What do you think of those trade-offs? I think they’re pretty well OK.

The notion that anyone should be allowed to add uncited assertions to Wikipedia because they think they’re an expert strikes me as simultaneously ridiculous and dangerous.

Real problems · Obviously, Wikipedia isn’t perfect. There are two problems in particular that bother me all the time, one small, one big.

Small first: The editor culture is a thicket of acronyms and it’s hard to keep them straight. I have considered, in some future not-too-fierce editorial debate, saying “Wait, WP:Potrezebie says you can’t say that!” Then see if anyone calls me on it.

The big problem: The community of editors is heavily male-dominated, and there have repeatedly been credible accusations of misogyny. I have direct experience: I created the article for Sarah Smarsh, because we read her excellent book Heartland in my book club, then I was shocked to find no entry. Despite the existence of that mainstream-published and well-reviewed book, and the fact that she had published in The Guardian and the Columbia Journalism Review, some other editor decreed that that was insufficient notability.

At the time, I reacted by gradually accumulating more and more citations and updating the draft. Eventually she published another book and the argument was over. These days, in that situation I would raise holy hell and escalate the obstruction up the Wikipedia stack.

To Wikipedia’s credit, its leadership knows about this problem and gives the appearance of trying to improve it. I don’t know the details of what they’re trying and whether they’re moving the needle at all. But it’s clearly still a problem.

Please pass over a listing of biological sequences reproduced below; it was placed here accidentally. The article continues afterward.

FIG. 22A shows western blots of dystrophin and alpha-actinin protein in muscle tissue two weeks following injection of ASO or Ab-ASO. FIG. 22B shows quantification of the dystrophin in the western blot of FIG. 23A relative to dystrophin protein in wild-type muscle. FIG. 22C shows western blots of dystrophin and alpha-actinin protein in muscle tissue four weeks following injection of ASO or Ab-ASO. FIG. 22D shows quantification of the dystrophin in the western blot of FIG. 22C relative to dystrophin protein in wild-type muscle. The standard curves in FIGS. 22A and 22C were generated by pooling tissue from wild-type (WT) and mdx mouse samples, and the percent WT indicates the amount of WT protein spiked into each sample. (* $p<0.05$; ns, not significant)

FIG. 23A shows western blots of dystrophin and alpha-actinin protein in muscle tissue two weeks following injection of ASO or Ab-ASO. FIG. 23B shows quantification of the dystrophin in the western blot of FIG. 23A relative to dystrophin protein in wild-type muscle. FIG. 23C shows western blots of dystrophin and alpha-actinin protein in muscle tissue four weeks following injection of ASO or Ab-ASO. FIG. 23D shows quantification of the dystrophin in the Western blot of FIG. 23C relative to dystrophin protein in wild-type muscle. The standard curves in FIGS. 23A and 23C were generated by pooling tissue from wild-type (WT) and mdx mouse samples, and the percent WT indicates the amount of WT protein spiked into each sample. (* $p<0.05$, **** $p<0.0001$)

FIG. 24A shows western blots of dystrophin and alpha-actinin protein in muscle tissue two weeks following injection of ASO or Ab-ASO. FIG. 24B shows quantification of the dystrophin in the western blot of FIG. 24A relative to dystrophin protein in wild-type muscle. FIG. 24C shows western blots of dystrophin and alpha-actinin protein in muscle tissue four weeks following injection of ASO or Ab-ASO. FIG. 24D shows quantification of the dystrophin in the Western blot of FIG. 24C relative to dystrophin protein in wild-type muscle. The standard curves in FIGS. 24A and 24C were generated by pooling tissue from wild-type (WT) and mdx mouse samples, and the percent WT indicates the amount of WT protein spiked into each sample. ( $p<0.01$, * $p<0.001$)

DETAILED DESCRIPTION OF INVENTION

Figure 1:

Once again… · I stand by what I said in December 2004: Wikipedia dwarfs its critics.


Comment feed for ongoing:Comments feed

From: Fazal Majid (Jun 16 2024, at 12:06)

There's nothing wrong with Wikipedia per so, it strives for accuracy as much as any collective human endeavor can, and some aspects of the same like the incessant Israel-Palestine conflict are beyond the power of epistemology to resolve.

One unfortunate consequence of Wikipedia, however, is that it has essentially killed encyclopedia publishing as a business .I am the proud owner of a complete set of mid-nineties Encyclopaedia Universalis, a French-language encyclopedia by then owned by Britannica (the horror!), and I have an early 2000s Brtiannica set on CD-ROM.

There is something to be said for having a choice between crowdsourced and top-down curated models. Britannica was a product of the Scottish enlightenment, just as Universalis was heir to Diderot's Encylopédie, with its very French long-form thematic articles with identified authors contrasting with Britannica's shorter ones.


From: Nathan (Jun 17 2024, at 04:56)

> The notion that anyone should be allowed to add uncited assertions to Wikipedia because they think they’re an expert strikes me as simultaneously ridiculous and dangerous.